Residents of rural America are taking the Covid-19 pandemic just as seriously as the rest of the nation, a national online poll says.
Nearly nine out of 10 rural respondents say they will probably continue to practice social distancing and other Covid-19 precautions, even as states begin to lift restrictions, the poll found.
The poll was conducted for the Bill & Melinda Gates Foundation by Civis Analytics. (Disclosure: The Gates Foundation is a financial supporter of the Daily Yonder.) Self-selected volunteers participated in the online poll, which was weighted to make the participants better reflect the targeted population. (More on the methodology is at the end of the story.)
About three-quarters of rural respondents said they are somewhat or very concerned about the coronavirus. The response from rural participants was slightly lower than the national response. But the 3-point gap is within the poll’s margin of error, meaning the rural and national responses are statistically indistinguishable.
The same is true on a wide range of Covid-19-related issues.
“Counter to the national narrative, we find that rural communities are just as committed to staying at home and avoiding all non-essential contact with others as Americans nationwide,” the poll’s analysts wrote.
About half of rural and national respondents agree that their states have taken appropriate action to contain Covid-19. Only 5 to 6% of rural and national respondents said they think government has overreacted to the pandemic.
About two-thirds of rural and national respondents are committed to social-distancing.
And about three-quarters of rural and national respondents said they have avoided public spaces and crowds during the pandemic.
Rural respondents are slightly less worried about job security. About a third of rural respondents said they are very unlikely to lose their job because of the pandemic. Nationally, only a quarter of respondents said job loss is very unlikely. (The Daily Yonder’s most recent jobs report confirms that job losses from March to April were not as heavy in rural areas as in urban ones.)
But employment concerns were much more likely among rural people of color than for whites. “Employed rural whites are significantly more job secure than employed rural people of color,” the report’s authors said. More than half of rural whites said job loss was very or somewhat unlikely. But only about a quarter of rural people of color said job loss was unlikely.
Rural people had similar levels of trust in information sources, except when it comes to information provided by President Donald Trump and Vice President Mike Pence. Just over 55% of rural respondents said they strongly or slightly trust the president and vice president, while nationally the figure is 45.4%.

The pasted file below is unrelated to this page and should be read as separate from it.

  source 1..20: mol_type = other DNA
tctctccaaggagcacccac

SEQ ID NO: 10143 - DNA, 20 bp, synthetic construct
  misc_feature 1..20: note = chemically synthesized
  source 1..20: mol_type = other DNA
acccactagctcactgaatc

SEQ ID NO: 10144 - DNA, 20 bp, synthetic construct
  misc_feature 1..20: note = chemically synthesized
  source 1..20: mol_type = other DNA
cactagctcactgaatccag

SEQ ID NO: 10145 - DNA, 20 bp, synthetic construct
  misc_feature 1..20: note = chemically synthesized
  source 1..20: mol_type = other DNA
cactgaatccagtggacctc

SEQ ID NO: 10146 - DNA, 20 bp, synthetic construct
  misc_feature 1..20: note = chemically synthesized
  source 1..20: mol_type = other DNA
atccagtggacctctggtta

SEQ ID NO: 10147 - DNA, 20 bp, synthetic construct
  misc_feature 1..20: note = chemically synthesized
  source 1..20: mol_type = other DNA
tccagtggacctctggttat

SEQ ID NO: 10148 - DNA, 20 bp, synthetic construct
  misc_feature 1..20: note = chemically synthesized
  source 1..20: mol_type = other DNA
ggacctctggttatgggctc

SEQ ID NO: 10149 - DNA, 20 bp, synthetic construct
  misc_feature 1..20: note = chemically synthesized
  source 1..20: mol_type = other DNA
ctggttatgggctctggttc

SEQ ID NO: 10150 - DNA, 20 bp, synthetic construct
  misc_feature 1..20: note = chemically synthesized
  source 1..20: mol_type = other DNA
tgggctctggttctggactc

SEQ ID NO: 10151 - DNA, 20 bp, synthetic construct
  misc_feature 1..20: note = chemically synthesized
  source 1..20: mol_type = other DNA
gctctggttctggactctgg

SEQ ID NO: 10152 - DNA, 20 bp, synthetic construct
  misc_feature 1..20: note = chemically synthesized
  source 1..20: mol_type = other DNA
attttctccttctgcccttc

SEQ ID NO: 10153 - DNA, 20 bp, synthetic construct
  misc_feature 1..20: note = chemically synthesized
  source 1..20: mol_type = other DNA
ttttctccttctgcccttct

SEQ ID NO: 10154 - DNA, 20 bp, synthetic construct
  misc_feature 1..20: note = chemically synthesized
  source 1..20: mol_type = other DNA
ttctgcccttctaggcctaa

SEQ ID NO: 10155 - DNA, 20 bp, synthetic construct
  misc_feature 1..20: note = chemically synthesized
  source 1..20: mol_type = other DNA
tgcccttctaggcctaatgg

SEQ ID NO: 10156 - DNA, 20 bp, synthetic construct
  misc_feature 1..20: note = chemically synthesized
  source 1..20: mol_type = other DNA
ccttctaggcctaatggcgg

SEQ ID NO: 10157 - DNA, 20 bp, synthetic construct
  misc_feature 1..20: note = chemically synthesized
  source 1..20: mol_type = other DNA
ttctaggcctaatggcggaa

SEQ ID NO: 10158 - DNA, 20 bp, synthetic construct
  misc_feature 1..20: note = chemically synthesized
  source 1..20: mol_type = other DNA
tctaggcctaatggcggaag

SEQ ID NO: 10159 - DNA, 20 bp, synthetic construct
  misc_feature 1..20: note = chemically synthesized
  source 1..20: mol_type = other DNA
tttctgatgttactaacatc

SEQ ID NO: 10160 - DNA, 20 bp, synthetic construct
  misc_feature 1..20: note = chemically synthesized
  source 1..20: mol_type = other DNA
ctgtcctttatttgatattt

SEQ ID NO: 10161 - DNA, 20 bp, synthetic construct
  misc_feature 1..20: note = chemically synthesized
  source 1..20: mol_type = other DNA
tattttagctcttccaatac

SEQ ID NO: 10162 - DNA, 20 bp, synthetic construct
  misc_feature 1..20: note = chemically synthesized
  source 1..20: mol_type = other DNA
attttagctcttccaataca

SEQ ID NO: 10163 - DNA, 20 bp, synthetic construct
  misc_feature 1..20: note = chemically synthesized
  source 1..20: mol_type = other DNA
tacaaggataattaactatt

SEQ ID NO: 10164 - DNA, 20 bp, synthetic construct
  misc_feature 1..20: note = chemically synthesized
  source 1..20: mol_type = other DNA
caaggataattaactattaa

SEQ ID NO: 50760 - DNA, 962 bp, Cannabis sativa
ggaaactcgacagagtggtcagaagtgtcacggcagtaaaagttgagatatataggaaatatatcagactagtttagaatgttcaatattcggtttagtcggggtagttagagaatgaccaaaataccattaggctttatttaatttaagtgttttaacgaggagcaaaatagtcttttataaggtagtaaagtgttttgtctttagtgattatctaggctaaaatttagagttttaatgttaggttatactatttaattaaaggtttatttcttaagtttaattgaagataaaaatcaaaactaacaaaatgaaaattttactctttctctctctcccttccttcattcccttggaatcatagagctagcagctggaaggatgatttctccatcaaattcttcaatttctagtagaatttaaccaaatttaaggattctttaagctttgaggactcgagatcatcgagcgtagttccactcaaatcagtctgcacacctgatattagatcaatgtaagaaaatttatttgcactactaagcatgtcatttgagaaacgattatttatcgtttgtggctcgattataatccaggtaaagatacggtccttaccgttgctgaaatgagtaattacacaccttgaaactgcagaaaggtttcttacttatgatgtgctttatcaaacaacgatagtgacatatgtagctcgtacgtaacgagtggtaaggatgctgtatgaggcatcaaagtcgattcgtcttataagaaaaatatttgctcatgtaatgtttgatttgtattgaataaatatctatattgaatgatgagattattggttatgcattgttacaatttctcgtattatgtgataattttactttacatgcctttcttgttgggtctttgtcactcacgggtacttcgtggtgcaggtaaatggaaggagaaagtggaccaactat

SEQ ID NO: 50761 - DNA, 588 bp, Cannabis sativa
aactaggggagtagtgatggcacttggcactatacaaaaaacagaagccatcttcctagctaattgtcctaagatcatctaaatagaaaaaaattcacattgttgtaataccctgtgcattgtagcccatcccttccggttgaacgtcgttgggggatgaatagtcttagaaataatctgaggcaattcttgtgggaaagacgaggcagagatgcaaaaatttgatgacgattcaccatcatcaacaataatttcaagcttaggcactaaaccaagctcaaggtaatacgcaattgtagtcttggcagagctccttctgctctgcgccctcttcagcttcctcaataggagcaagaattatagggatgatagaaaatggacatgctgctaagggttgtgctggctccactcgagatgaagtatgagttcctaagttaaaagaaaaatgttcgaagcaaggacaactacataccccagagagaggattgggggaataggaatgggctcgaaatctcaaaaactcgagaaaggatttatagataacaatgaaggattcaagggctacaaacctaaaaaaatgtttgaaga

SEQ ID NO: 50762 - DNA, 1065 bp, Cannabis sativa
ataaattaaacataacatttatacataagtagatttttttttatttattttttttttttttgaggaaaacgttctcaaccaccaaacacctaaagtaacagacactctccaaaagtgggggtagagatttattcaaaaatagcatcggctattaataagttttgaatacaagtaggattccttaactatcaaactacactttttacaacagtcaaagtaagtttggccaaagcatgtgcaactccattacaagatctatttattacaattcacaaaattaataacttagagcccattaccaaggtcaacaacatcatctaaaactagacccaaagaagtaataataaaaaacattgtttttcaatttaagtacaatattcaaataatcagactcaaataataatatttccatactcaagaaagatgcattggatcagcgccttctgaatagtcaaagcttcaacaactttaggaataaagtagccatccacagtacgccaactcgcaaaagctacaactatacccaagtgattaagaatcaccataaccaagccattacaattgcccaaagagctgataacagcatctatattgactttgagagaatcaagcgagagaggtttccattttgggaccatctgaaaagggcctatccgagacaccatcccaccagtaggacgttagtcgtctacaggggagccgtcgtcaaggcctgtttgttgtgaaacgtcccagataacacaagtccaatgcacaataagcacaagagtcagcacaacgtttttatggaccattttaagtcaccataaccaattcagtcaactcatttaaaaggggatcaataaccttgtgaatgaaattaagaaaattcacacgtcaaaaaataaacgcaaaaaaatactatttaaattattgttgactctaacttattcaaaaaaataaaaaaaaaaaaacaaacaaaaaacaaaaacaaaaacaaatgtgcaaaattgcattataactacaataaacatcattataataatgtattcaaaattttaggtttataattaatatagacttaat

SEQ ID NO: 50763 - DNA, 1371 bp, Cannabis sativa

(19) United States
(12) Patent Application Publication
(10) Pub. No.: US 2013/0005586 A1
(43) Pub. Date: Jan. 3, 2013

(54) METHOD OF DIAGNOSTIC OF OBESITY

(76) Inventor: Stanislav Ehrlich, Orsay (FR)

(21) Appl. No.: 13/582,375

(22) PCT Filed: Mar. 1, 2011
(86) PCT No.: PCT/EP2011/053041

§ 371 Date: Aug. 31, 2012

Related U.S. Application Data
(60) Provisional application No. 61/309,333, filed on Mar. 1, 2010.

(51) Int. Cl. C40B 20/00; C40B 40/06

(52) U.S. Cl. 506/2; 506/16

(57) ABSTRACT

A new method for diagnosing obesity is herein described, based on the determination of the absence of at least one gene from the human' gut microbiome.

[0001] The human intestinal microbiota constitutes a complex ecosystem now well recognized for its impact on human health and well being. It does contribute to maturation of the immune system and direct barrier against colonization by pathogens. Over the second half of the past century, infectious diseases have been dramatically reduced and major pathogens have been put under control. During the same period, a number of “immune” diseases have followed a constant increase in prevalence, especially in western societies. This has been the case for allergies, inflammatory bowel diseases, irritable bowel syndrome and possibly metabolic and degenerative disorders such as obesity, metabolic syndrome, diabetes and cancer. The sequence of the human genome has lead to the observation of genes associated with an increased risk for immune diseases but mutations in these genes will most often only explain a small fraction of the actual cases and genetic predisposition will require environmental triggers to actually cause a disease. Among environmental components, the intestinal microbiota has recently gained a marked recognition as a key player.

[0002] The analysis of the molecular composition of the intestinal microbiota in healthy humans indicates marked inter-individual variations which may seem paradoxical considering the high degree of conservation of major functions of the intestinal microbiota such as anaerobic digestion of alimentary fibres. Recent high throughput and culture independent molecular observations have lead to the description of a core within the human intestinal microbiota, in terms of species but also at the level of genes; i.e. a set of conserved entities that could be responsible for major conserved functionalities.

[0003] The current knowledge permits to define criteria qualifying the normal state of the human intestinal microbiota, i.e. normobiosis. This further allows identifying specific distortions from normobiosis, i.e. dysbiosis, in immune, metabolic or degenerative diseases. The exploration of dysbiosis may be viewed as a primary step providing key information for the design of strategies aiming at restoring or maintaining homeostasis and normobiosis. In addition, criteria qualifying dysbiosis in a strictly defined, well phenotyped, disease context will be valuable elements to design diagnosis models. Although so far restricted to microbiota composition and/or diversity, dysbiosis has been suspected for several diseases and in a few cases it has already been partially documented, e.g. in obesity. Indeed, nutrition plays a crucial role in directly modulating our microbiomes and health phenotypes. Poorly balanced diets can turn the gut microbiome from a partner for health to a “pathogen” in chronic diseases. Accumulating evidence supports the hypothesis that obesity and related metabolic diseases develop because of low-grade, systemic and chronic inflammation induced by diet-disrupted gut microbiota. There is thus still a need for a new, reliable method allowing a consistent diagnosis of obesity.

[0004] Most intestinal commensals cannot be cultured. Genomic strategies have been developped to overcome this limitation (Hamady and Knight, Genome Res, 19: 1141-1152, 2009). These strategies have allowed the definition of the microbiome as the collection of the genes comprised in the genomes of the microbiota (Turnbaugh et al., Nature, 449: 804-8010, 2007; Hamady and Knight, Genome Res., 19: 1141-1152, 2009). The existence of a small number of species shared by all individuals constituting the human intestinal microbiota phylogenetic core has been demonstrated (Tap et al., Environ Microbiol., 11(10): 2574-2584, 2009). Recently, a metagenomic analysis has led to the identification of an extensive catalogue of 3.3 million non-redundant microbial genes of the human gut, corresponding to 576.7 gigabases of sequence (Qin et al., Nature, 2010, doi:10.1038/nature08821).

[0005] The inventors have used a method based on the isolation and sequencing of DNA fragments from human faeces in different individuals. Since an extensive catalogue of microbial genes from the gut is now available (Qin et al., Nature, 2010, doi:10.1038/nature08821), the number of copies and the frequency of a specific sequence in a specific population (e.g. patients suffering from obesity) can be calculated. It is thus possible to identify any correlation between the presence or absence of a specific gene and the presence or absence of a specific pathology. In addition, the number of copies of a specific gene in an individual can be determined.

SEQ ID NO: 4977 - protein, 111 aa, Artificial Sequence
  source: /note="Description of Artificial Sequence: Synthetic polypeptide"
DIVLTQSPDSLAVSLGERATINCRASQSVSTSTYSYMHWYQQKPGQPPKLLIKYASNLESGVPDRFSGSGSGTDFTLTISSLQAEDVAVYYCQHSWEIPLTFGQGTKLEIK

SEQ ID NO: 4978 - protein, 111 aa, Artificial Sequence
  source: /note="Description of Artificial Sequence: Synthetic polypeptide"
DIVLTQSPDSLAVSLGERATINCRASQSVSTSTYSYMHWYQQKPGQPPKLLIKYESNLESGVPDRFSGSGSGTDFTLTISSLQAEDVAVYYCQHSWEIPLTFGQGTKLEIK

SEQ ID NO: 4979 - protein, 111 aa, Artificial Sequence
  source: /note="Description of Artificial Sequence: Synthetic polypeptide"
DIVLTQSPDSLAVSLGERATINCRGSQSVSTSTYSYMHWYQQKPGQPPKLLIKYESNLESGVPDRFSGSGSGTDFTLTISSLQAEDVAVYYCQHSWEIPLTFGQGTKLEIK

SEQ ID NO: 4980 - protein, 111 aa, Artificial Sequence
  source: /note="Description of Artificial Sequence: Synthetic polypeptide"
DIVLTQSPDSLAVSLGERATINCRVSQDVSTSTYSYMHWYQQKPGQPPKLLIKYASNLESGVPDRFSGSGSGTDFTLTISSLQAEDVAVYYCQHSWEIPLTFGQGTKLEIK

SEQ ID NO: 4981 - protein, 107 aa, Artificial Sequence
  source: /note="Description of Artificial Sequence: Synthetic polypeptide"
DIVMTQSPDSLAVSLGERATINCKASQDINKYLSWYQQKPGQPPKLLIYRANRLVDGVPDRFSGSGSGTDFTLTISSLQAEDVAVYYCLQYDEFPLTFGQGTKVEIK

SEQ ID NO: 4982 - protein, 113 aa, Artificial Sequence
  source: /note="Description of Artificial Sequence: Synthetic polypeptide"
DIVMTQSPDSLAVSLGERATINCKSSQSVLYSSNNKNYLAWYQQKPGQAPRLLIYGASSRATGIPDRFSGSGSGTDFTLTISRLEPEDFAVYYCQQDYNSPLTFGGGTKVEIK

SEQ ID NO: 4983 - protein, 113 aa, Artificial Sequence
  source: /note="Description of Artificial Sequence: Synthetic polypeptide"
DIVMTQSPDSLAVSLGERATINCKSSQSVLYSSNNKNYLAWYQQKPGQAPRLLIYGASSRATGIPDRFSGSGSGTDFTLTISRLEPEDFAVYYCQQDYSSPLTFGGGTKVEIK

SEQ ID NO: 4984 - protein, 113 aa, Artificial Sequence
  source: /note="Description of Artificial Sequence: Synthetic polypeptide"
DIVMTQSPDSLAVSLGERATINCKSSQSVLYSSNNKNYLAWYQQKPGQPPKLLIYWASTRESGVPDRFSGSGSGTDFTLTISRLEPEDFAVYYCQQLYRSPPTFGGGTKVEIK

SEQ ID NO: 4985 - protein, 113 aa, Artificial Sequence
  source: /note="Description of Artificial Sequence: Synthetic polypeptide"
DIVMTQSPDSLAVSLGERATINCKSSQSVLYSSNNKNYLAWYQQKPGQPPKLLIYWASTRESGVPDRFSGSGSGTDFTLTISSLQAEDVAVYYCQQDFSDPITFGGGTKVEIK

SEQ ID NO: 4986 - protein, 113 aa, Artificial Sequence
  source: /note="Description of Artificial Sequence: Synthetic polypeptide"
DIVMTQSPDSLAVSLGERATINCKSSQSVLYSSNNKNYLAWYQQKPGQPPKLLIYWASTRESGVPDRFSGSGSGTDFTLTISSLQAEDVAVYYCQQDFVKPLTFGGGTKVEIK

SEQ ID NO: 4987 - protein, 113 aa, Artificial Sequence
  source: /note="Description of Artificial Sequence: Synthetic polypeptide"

Otherwise, rural people’s levels of trust were similar to the nation’s, with personal physicians ranking highest in trust, followed in descending order by local public health officials, federal health officials, and friends and other associates. The lowest-ranking institution on the list is the World Health Organization, which about six in 10 Americans (both rural and urban) trust either strongly or slightly.
Rural respondents’ attitudes toward Covid-19 also varied a bit by region. Rural Southerners were more likely to wish their states were doing more to control the spread of the coronavirus than rural residents in the Northeast. Nearly 29% of rural Southerners said they wish government would do more, while only 17.5% of rural people living in the Northeast thought so.
The poll was conducted April 24-26. It collected approximately 7,000 responses nationally through self-selecting web panels. Approximately 1,200 respondents were identified as rural, based on ZIP Codes and a methodology developed by Jed Kolko. Responses were weighted based on a range of criteria to ensure that the respondents represent the target population, according to a statement provided by Civis. The margin of error was +/-4.3%.
Online polling can create problems for rural participation, but polls by telephones are not necessarily more effective, the pollsters wrote in their report.
“One of the limitations of web panels is that we miss out on those without internet access, which does disproportionately impact our ability to reach rural communities, specifically individuals who have lower incomes,” the report said. “Phone surveys unfortunately do not capture hard-to-reach communities better than web panels.”